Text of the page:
Friday, October 23, 2009


This month we headed to 1862, Martin Hamann's new restaurant at the Union League.

Jess’ Take:
This was a super schmance dinner for the Foodies, and I loved every bite! We made our reservations on the first day the reservation lined opened up were told a few days prior that the restaurant was booked for a solid month, so I was surprised to see so many open tables when we walked in, but maybe that was because the Phillies were playing game #4 of the NLCS. Regardless, this just meant more servers to hover over our table. I’m not complaining.

Shortly after sitting down we were greeted with a very tasty amuse bouche of lobster salad with truffled celery. It was amazing, rich and flavorful. Also most appropriate served as a bite and no more. A full appetizer would probably have taken a few days off my life.

To start I ordered the butternut squash soup, which was served with a fried cheese ball and bacon. It was rich and delicious, really perfect for the cool fall day that we were having.

For the main entry I had the grilled grouper, which was served with cockles, artichoke hearts and fried potato sticks. The fish was perfectly cooked and delicate and it was a pretty sizable portion. The potato sticks were interesting, but a little bland. The cockles added a nice, salty flavor to the dish.

The desserts were definitely the highlight of the meal. Although we could have ordered every one on the menu they were all so intriguing, we settled for just three. Of the three, my favorite was the one served with bacon (of course). It was a small brioche French toast topped with maple ice cream and sprinkled with candied bacon. The whole thing was served on top of a sweet fruit compote. This dessert was decadence to the max and I loved every bite of it.

1862 isn’t a restaurant we’ll hit often because of the price tag, but I’ll definitely be back, and the whole time I’ll be anticipating dessert.

1862, I give you 4 out of 4 little pieces of candied bacon.

Dave's Take
My first course was a braised rabbit stuffed rigatoni. Yes, rabbits are cute and some people keep them as pets but if you have not tried it, please get over it and give it a go. Rabbit is excellent and this was no exception. Succulent rabbit stuffed in two rigatonis with a hint of peppercorn, mustard and vinegar. It was excellent and I will order again, but I have to admit, not as amazing as those empanadas from the ribbon cutting.

Next up I ordered the Sautéed Pennsylvania pheasant with chestnut and foie gras “paquet,” Brussels sprout leaves and natural sage jus. I love pheasant. It’s what chicken is supposed to taste like and this was cooked to perfection- tender, juicy and full of flavor. The herbal sage jus complemented the richer pheasant flavor without overpowering. The foie gras “paquet” was a unique execution of foie gras and reminded me a little bit of a souffle. The taste was rich and flavorful but as often happens with me and foie gras, became too rich for me and I had to surrender.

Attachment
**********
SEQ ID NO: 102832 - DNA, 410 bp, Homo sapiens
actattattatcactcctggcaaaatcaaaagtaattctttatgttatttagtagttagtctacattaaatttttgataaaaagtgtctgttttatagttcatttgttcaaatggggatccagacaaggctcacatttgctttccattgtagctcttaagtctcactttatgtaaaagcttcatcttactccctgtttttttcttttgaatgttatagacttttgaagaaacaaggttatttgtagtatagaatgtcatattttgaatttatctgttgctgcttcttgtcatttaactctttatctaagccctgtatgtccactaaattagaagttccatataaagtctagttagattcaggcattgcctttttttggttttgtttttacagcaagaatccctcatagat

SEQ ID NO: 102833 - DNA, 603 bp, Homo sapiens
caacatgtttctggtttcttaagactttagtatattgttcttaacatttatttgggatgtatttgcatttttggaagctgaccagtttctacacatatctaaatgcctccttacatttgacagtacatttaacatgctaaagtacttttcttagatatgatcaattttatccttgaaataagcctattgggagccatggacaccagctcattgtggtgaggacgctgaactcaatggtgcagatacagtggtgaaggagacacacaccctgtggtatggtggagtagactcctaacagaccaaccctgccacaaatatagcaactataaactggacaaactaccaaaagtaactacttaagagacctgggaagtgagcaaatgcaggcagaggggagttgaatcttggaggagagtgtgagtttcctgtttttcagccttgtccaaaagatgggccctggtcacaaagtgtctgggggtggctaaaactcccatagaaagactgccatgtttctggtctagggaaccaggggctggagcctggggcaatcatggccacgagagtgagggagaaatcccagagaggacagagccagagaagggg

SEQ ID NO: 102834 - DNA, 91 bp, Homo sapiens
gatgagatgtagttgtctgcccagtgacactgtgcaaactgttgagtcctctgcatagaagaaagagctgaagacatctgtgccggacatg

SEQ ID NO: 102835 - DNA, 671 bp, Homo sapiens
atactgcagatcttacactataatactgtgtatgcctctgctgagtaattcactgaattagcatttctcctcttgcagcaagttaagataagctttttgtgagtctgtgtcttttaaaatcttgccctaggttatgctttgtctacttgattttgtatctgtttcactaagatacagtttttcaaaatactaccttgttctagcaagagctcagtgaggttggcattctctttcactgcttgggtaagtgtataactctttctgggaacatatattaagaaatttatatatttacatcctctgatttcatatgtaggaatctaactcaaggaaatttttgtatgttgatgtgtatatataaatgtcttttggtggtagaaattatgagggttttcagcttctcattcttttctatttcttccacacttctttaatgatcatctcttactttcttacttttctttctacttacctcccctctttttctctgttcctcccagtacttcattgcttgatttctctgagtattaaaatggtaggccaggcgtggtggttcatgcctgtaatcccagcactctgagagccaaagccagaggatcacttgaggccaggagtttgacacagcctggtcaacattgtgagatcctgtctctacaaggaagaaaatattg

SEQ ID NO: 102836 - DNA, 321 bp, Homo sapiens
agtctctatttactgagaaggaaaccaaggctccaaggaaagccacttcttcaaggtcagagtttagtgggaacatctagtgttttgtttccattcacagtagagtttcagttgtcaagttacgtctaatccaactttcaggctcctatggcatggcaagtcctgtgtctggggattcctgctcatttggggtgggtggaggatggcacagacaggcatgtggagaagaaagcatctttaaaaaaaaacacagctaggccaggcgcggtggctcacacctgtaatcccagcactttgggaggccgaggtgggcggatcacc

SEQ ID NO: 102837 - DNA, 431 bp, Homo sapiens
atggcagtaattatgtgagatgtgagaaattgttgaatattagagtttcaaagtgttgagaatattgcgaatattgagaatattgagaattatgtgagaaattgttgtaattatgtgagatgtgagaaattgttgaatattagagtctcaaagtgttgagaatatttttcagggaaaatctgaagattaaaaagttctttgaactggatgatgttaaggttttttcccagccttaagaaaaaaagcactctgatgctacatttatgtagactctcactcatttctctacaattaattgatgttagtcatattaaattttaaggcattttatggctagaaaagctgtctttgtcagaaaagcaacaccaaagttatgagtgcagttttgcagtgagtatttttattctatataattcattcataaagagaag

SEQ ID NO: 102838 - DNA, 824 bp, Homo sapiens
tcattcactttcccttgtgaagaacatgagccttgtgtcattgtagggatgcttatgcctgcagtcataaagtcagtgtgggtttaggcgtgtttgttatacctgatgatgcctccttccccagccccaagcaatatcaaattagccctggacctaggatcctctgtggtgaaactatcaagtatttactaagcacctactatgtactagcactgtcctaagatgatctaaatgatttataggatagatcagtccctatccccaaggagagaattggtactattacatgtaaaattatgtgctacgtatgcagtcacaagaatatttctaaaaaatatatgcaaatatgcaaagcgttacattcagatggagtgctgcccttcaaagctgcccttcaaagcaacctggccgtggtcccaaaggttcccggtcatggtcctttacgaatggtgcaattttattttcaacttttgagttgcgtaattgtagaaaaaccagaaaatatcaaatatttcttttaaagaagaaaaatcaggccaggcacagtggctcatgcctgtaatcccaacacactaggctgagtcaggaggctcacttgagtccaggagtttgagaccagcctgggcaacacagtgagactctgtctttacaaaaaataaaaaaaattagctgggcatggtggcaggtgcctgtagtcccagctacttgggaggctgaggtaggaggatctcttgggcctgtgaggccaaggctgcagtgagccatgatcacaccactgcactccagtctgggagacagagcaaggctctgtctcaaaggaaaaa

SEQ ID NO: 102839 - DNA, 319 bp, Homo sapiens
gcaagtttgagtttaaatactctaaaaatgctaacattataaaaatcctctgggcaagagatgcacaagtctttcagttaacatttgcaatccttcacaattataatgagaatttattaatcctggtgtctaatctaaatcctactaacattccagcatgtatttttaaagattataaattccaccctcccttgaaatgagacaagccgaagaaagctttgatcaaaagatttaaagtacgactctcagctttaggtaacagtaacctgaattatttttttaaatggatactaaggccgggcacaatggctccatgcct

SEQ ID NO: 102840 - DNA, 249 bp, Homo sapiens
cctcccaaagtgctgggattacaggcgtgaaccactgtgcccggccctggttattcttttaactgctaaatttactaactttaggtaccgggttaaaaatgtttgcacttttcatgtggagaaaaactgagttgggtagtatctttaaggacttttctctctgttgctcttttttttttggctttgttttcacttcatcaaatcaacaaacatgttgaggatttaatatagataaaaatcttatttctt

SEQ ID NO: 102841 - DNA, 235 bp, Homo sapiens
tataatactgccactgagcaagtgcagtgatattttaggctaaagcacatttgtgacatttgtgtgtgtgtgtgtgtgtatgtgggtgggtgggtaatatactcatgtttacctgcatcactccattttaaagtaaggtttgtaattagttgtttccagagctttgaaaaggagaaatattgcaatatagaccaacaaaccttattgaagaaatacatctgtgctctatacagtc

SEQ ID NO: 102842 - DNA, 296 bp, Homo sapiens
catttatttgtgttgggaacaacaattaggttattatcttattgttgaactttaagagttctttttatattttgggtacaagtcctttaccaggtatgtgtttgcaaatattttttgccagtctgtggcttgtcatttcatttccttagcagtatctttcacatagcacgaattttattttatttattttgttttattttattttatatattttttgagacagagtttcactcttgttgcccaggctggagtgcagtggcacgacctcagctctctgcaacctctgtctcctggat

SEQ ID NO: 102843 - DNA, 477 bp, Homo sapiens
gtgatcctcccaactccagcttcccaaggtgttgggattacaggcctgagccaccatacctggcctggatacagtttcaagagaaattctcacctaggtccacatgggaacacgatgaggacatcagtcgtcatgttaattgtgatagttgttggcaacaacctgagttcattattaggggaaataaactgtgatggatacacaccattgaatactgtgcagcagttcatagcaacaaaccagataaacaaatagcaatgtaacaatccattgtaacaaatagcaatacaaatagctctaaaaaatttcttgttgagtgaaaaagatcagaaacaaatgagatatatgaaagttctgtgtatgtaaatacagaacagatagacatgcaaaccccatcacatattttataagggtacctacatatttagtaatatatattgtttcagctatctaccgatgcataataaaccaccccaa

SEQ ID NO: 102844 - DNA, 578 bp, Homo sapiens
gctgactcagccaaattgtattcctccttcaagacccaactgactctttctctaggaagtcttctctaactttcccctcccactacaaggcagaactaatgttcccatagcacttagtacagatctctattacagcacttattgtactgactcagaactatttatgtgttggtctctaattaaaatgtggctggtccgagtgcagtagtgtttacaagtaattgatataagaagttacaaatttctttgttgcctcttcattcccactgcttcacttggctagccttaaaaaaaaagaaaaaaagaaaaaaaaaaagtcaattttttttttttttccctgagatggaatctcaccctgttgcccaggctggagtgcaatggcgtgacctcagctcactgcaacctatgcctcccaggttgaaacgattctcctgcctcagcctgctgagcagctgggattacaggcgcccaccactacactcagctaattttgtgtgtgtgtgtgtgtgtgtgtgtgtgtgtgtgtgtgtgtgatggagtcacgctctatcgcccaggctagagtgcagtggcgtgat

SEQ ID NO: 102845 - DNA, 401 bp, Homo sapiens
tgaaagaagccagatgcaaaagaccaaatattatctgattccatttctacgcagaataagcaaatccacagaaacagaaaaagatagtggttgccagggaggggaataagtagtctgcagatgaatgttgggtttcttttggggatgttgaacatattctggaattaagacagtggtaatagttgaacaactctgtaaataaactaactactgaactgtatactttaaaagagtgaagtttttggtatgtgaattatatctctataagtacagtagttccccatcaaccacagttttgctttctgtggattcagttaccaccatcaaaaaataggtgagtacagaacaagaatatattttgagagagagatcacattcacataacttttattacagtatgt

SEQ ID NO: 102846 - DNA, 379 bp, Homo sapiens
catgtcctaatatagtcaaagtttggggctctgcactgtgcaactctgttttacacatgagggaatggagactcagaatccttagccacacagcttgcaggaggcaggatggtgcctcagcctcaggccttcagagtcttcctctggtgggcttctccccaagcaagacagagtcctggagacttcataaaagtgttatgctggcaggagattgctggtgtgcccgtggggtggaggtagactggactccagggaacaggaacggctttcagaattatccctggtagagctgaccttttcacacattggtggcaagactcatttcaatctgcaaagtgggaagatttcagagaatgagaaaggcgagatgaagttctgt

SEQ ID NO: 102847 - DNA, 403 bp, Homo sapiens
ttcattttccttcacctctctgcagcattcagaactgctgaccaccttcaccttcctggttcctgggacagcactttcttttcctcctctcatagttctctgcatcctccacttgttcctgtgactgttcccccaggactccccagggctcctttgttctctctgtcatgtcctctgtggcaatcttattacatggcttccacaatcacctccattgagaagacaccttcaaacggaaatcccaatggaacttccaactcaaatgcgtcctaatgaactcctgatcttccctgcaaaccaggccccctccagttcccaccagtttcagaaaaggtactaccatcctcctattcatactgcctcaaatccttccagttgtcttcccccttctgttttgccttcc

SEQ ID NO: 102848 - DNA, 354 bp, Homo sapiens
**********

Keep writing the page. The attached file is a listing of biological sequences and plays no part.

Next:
I should point out at this point that our service was excellent- Friendly, amazingly attentive and for only the second week in business, fairly familiar with the menu. Dishes were delivered at precisely the same time and cleared in a timely manner. We were more than content after the mains but asked to take a look at the dessert menu since we had tasted some amazing treats at the ribbon cutting and were looking forward to what was to come. We agreed on 3- The chocolate soufflé, a ginger cake with milk stout ice cream and an amazing brioche French Toast over fall fruit compote with, and here is the best part, maple bacon ice cream. This was THE BEST ice cream I have ever had and if you have ever smiled when watching the syrup on your plate slowly make it way over to the side of bacon, you know how good that combo can be. Sweet and salty. The ginger cake was excellent and the idea of beer ice cream would have been mind-blowing if it was not sitting on the same table as bacon ice cream. Oh, and the chocolate soufflé was the best I have ever had since we had it at Fountain.

Wade's Take:

Yeah, we were excited to be "in" at this place. Our chance to eat somewhere before most professional reviewers! The pressure was on to beat the other bloggers to the scoop... then I waited to blog about 1862 for nearly a month. D'oh.

I was sold on 1862 by the bread plate. Particularly, a rosemary flat bread that had me entranced. If I was an old lady with a purse, I would have scooped up the remaining breadbits into my purse for later.

Instinct dictated that I order the sweetbreads as my appetizer. Good move. The sweetbreads were crisped on the exterior, and packed the sweetened tang of a classic internal organ. It was plate roommates with kale and a white bean puree that had a punch of saltiness that went well with the sweetbreads.

I went against my cardinal rule of not ordering salmon out at a restaurant (it's almost always better at home) with my entree. The salmon was a generous portion, sprinkled with peppers and chili powder and grilled just right. It sat on a cheese/cauliflower puree that was fairly good - although it left me pining for a missing ingredient I couldn't quite place. The roasted garlic, shell and all, was a great additional side to this dish.

Then there was dessert. How I loved thee. The chocolate souffle was world-changing. Overflowing and gooing from the large rameking, the fluffy chocolate cake blanketed with a semi-sweet chocolate layer, which was emblazoned with a Union League logo. If this were my restaurant, I'd mark a dessert like this with my brand, too. I'd be very proud. The souffle was spongey, moist, warm and had a whipped cream and chocolate shaving accompaniment. Perfection.

For the appetizer, bread plate and dessert, I give 1863 high marks. The salmon? Not so much.

3 out of 4 scoops.

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